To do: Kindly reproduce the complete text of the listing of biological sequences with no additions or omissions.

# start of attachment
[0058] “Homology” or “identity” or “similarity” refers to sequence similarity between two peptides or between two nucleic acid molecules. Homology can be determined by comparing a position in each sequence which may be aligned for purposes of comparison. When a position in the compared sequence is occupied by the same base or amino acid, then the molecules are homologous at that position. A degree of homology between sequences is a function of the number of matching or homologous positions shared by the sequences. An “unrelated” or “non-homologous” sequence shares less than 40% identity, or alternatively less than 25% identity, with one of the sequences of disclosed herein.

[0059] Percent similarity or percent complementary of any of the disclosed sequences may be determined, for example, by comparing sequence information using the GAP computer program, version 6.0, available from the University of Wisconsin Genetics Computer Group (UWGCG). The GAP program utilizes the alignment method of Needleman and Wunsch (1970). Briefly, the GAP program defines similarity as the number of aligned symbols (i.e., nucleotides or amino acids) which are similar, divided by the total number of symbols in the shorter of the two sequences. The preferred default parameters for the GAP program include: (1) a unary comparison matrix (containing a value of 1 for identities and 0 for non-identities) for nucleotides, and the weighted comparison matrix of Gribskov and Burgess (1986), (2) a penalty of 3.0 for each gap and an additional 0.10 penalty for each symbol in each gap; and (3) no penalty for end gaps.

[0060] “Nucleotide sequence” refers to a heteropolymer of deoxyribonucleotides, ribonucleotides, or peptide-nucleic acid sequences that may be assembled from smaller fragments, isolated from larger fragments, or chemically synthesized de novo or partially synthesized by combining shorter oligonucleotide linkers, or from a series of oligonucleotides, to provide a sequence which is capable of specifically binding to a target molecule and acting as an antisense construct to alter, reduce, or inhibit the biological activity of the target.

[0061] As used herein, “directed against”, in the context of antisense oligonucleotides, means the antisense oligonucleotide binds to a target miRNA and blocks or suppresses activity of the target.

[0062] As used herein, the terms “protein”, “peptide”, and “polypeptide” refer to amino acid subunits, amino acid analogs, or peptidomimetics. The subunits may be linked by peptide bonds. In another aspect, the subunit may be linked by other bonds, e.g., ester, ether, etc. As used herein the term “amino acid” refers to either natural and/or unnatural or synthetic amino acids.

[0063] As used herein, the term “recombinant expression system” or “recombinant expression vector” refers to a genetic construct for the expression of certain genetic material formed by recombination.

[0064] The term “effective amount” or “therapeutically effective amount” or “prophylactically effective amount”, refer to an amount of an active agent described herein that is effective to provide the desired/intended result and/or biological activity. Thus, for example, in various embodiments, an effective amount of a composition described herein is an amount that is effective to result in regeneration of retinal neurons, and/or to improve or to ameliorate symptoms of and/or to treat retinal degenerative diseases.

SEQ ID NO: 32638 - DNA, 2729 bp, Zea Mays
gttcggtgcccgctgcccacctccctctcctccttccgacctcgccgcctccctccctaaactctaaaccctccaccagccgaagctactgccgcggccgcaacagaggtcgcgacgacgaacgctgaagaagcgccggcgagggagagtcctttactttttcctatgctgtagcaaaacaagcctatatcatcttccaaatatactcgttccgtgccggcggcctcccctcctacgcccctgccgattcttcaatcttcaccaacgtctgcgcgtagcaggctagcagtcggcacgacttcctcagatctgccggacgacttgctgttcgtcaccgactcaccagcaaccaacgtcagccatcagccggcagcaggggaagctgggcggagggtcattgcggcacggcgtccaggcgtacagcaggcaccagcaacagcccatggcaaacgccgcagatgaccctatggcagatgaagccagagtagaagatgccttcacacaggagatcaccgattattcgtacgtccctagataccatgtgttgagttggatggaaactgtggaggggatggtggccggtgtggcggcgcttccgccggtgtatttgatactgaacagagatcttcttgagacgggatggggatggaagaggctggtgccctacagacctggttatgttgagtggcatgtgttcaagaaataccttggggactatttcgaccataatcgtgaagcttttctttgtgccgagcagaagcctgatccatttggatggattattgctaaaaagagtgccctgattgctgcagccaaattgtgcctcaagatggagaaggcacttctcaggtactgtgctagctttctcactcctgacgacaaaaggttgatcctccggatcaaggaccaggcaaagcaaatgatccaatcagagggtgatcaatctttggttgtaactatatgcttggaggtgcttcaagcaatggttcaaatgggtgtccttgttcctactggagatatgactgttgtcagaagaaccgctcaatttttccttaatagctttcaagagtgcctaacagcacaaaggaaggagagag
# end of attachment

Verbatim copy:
[0058] “Homology” or “identity” or “similarity” refers to sequence similarity between two peptides or between two nucleic acid molecules. Homology can be determined by comparing a position in each sequence which may be aligned for purposes of comparison. When a position in the compared sequence is occupied by the same base or amino acid, then the molecules are homologous at that position. A degree of homology between sequences is a function of the number of matching or homologous positions shared by the sequences. An “unrelated” or “non-homologous” sequence shares less than 40% identity, or alternatively less than 25% identity, with one of the sequences of disclosed herein.

[0059] Percent similarity or percent complementary of any of the disclosed sequences may be determined, for example, by comparing sequence information using the GAP computer program, version 6.0, available from the University of Wisconsin Genetics Computer Group (UWGCG). The GAP program utilizes the alignment method of Needleman and Wunsch (1970). Briefly, the GAP program defines similarity as the number of aligned symbols (i.e., nucleotides or amino acids) which are similar, divided by the total number of symbols in the shorter of the two sequences. The preferred default parameters for the GAP program include: (1) a unary comparison matrix (containing a value of 1 for identities and 0 for non-identities) for nucleotides, and the weighted comparison matrix of Gribskov and Burgess (1986), (2) a penalty of 3.0 for each gap and an additional 0.10 penalty for each symbol in each gap; and (3) no penalty for end gaps.

[0060] “Nucleotide sequence” refers to a heteropolymer of deoxyribonucleotides, ribonucleotides, or peptide-nucleic acid sequences that may be assembled from smaller fragments, isolated from larger fragments, or chemically synthesized de novo or partially synthesized by combining shorter oligonucleotide linkers, or from a series of oligonucleotides, to provide a sequence which is capable of specifically binding to a target molecule and acting as an antisense construct to alter, reduce, or inhibit the biological activity of the target.

[0061] As used herein, “directed against”, in the context of antisense oligonucleotides, means the antisense oligonucleotide binds to a target miRNA and blocks or suppresses activity of the target.

[0062] As used herein, the terms “protein”, “peptide”, and “polypeptide” refer to amino acid subunits, amino acid analogs, or peptidomimetics. The subunits may be linked by peptide bonds. In another aspect, the subunit may be linked by other bonds, e.g., ester, ether, etc. As used herein the term “amino acid” refers to either natural and/or unnatural or synthetic amino acids.

[0063] As used herein, the term “recombinant expression system” or “recombinant expression vector” refers to a genetic construct for the expression of certain genetic material formed by recombination.

[0064] The term “effective amount” or “therapeutically effective amount” or “prophylactically effective amount”, refer to an amount of an active agent described herein that is effective to provide the desired/intended result and/or biological activity. Thus, for example, in various embodiments, an effective amount of a composition described herein is an amount that is effective to result in regeneration of retinal neurons, and/or to improve or to ameliorate symptoms of and/or to treat retinal degenerative diseases.

SEQ ID NO: 32638 - DNA, 2729 bp, Zea Mays
gttcggtgcccgctgcccacctccctctcctccttccgacctcgccgcctccctccctaaactctaaaccctccaccagccgaagctactgccgcggccgcaacagaggtcgcgacgacgaacgctgaagaagcgccggcgagggagagtcctttactttttcctatgctgtagcaaaacaagcctatatcatcttccaaatatactcgttccgtgccggcggcctcccctcctacgcccctgccgattcttcaatcttcaccaacgtctgcgcgtagcaggctagcagtcggcacgacttcctcagatctgccggacgacttgctgttcgtcaccgactcaccagcaaccaacgtcagccatcagccggcagcaggggaagctgggcggagggtcattgcggcacggcgtccaggcgtacagcaggcaccagcaacagcccatggcaaacgccgcagatgaccctatggcagatgaagccagagtagaagatgccttcacacaggagatcaccgattattcgtacgtccctagataccatgtgttgagttggatggaaactgtggaggggatggtggccggtgtggcggcgcttccgccggtgtatttgatactgaacagagatcttcttgagacgggatggggatggaagaggctggtgccctacagacctggttatgttgagtggcatgtgttcaagaaataccttggggactatttcgaccataatcgtgaagcttttctttgtgccgagcagaagcctgatccatttggatggattattgctaaaaagagtgccctgattgctgcagccaaattgtgcctcaagatggagaaggcacttctcaggtactgtgctagctttctcactcctgacgacaaaaggttgatcctccggatcaaggaccaggcaaagcaaatgatccaatcagagggtgatcaatctttggttgtaactatatgcttggaggtgcttcaagcaatggttcaaatgggtgtccttgttcctactggagatatgactgttgtcagaagaaccgctcaatttttccttaatagctttcaagagtgcctaacagcacaaaggaaggagagag